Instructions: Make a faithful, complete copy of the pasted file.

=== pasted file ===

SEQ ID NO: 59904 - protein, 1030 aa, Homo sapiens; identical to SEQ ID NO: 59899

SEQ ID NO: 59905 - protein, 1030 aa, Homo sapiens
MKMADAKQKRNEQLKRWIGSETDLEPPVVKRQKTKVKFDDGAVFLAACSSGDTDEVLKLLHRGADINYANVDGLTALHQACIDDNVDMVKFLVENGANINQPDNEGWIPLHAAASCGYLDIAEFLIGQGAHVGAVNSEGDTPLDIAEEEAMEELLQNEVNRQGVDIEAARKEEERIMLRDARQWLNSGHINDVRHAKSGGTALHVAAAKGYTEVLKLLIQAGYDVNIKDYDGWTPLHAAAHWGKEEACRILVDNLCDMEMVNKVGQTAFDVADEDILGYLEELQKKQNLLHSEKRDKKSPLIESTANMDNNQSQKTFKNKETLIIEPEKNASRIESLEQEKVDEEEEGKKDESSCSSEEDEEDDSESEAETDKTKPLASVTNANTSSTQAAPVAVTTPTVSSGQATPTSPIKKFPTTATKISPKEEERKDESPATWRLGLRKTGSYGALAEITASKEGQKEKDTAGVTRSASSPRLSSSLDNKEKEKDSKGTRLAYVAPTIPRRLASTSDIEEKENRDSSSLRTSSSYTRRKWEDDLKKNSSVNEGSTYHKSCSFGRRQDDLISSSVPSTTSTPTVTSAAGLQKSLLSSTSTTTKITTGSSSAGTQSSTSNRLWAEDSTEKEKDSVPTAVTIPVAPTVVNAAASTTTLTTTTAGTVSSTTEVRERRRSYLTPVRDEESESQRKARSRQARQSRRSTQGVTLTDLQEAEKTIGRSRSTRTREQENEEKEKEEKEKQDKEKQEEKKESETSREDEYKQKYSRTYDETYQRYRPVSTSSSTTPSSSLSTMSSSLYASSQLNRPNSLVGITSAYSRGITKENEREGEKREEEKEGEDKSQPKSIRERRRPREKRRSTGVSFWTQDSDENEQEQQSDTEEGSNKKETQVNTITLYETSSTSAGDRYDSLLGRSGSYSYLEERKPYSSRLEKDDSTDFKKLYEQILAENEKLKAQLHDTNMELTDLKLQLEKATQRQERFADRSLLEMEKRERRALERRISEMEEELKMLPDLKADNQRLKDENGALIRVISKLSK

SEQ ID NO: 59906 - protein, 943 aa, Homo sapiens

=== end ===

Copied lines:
SEQ ID NO: 59904 - protein, 1030 aa, Homo sapiens; identical to SEQ ID NO: 59899

SEQ ID NO: 59905 - protein, 1030 aa, Homo sapiens
MKMADAKQKRNEQLKRWIGSETDLEPPVVKRQKTKVKFDDGAVFLAACSSGDTDEVLKLLHRGADINYANVDGLTALHQACIDDNVDMVKFLVENGANINQPDNEGWIPLHAAASCGYLDIAEFLIGQGAHVGAVNSEGDTPLDIAEEEAMEELLQNEVNRQGVDIEAARKEEERIMLRDARQWLNSGHINDVRHAKSGGTALHVAAAKGYTEVLKLLIQAGYDVNIKDYDGWTPLHAAAHWGKEEACRILVDNLCDMEMVNKVGQTAFDVADEDILGYLEELQKKQNLLHSEKRDKKSPLIESTANMDNNQSQKTFKNKETLIIEPEKNASRIESLEQEKVDEEEEGKKDESSCSSEEDEEDDSESEAETDKTKPLASVTNANTSSTQAAPVAVTTPTVSSGQATPTSPIKKFPTTATKISPKEEERKDESPATWRLGLRKTGSYGALAEITASKEGQKEKDTAGVTRSASSPRLSSSLDNKEKEKDSKGTRLAYVAPTIPRRLASTSDIEEKENRDSSSLRTSSSYTRRKWEDDLKKNSSVNEGSTYHKSCSFGRRQDDLISSSVPSTTSTPTVTSAAGLQKSLLSSTSTTTKITTGSSSAGTQSSTSNRLWAEDSTEKEKDSVPTAVTIPVAPTVVNAAASTTTLTTTTAGTVSSTTEVRERRRSYLTPVRDEESESQRKARSRQARQSRRSTQGVTLTDLQEAEKTIGRSRSTRTREQENEEKEKEEKEKQDKEKQEEKKESETSREDEYKQKYSRTYDETYQRYRPVSTSSSTTPSSSLSTMSSSLYASSQLNRPNSLVGITSAYSRGITKENEREGEKREEEKEGEDKSQPKSIRERRRPREKRRSTGVSFWTQDSDENEQEQQSDTEEGSNKKETQVNTITLYETSSTSAGDRYDSLLGRSGSYSYLEERKPYSSRLEKDDSTDFKKLYEQILAENEKLKAQLHDTNMELTDLKLQLEKATQRQERFADRSLLEMEKRERRALERRISEMEEELKMLPDLKADNQRLKDENGALIRVISKLSK

SEQ ID NO: 59906 - protein, 943 aa, Homo sapiens